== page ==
We’re over half way through National Dragonfly Week 2016 and now we get to some of the trickier critters to identify because there are several blue-coloured damselflies. In fact, in the course of preparing this and tomorrow’s blog posts, I’ve had to call in the experts to check a couple of my photos. When my books and keys don’t quite cover it, the ‘experts’ I use are all the wonderfully helpful folks on the UK Dragonflies & Damselflies group on Facebook – highly recommended!
As we don’t get Southern damselflies (also blue) in Cardiff, the two blues I sometimes have trouble with are the Common Blue and the Azure. The key features to look out for in the Common Blue damselfly (Enallagma cyathigerum) can be seen in the photos above: no Coenagrion spur (a short black line below the other markings) on the thorax, and broad antehumeral stripes (the blue stripes on the top of the body are wider than the black stripes beneath them). The males also have that thistle-shaped mark at the top of their ‘tail’ but this is not so easy to see in the females (which, as you can see below, are not blue) because of their blacker markings. If this all sounds like gobbledygook, you can get more ID help on the British Dragonfly Society webpage.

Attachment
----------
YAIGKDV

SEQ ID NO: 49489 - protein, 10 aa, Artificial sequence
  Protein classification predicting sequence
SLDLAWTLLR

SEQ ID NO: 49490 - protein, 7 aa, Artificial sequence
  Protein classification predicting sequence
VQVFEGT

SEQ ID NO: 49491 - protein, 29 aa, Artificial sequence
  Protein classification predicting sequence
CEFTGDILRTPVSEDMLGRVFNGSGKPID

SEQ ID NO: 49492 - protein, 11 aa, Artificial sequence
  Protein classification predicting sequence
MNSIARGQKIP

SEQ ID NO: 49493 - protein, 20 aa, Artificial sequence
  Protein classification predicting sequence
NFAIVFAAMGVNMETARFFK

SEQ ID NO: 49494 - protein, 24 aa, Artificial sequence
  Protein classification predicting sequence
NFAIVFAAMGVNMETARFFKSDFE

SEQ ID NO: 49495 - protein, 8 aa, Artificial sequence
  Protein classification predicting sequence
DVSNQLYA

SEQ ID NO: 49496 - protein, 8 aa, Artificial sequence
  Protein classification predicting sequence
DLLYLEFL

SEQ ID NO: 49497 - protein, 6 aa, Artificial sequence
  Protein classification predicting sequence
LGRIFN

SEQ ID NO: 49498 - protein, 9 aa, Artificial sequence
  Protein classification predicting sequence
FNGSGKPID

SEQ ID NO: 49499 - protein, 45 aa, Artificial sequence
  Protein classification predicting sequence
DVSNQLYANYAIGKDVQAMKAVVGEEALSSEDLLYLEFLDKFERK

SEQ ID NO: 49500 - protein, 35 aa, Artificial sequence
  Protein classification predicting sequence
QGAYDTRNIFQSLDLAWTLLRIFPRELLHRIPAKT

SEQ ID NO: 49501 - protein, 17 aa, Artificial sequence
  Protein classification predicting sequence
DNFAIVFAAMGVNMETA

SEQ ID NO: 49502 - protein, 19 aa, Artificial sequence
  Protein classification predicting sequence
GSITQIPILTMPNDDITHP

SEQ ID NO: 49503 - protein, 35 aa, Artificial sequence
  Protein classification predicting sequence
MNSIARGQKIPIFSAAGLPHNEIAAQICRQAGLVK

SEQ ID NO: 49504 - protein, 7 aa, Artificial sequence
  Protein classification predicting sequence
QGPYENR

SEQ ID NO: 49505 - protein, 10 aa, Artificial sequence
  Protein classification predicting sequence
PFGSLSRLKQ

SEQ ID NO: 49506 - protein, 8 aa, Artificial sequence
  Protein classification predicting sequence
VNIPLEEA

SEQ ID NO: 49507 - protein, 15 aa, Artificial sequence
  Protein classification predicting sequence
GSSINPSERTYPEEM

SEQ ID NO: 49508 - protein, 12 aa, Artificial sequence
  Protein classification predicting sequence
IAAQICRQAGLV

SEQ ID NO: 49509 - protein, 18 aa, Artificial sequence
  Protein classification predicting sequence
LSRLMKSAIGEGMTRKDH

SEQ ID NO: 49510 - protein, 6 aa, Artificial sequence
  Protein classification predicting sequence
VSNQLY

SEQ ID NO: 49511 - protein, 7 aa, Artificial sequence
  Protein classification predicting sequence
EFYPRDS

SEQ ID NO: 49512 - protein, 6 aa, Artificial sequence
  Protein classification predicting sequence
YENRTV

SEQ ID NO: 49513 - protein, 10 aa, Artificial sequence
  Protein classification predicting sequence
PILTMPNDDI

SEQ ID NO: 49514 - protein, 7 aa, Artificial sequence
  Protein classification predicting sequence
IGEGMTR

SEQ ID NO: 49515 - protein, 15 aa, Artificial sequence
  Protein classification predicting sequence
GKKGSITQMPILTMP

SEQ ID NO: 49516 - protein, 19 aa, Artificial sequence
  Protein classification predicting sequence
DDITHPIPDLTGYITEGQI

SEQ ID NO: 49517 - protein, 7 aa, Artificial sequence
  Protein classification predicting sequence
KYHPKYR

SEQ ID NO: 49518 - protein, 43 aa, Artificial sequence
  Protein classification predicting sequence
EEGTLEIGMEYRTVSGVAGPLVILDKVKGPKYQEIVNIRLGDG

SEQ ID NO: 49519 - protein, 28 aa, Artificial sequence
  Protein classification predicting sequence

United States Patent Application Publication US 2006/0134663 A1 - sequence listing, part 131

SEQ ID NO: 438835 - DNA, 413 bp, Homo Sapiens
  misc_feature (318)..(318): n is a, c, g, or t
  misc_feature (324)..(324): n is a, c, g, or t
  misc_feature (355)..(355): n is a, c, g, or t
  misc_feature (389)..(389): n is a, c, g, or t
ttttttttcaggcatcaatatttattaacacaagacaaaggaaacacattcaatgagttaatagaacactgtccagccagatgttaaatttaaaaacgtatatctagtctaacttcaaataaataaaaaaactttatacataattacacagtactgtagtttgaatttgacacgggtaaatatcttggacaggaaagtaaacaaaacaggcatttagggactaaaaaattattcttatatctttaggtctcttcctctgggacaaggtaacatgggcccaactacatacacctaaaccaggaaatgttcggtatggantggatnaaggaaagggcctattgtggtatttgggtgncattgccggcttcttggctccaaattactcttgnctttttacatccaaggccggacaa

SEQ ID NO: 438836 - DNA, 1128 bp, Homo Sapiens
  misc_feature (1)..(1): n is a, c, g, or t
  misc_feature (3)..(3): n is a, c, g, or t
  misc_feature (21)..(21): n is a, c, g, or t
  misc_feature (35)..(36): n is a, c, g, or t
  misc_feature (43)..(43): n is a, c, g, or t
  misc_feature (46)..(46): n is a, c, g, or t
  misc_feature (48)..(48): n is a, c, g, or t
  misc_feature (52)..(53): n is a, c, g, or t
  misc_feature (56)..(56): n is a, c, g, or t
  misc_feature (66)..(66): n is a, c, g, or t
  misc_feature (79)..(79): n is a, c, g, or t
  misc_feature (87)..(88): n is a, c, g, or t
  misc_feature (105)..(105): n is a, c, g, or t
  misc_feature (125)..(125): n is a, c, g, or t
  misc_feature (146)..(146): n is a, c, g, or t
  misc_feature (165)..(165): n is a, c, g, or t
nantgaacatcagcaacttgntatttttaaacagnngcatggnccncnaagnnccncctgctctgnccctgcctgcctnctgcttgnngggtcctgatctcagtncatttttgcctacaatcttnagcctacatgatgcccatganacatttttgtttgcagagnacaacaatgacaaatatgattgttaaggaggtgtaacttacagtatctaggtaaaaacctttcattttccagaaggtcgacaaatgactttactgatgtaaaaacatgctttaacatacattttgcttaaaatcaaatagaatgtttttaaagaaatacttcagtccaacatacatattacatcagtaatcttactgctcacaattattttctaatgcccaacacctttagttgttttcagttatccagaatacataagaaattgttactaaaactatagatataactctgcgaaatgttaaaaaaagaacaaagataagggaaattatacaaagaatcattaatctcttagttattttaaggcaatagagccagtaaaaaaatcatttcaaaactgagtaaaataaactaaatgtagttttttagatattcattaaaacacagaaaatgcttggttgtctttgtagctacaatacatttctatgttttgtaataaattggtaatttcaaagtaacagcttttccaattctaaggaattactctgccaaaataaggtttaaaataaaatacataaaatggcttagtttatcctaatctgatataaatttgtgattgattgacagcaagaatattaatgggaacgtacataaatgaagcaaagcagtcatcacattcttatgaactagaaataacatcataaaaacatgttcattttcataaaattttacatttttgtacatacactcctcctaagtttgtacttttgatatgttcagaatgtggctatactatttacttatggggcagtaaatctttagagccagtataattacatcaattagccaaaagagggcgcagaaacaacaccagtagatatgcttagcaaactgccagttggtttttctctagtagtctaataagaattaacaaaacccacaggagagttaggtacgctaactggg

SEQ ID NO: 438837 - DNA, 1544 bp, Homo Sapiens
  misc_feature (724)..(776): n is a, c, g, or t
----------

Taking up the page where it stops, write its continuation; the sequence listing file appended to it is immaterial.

The Common Blues are the only damselflies I’ve managed to catch in their full mating ritual, showing the ‘mating wheel’. Sometimes, when you see these, they are the exact shape of a heart … awwwww!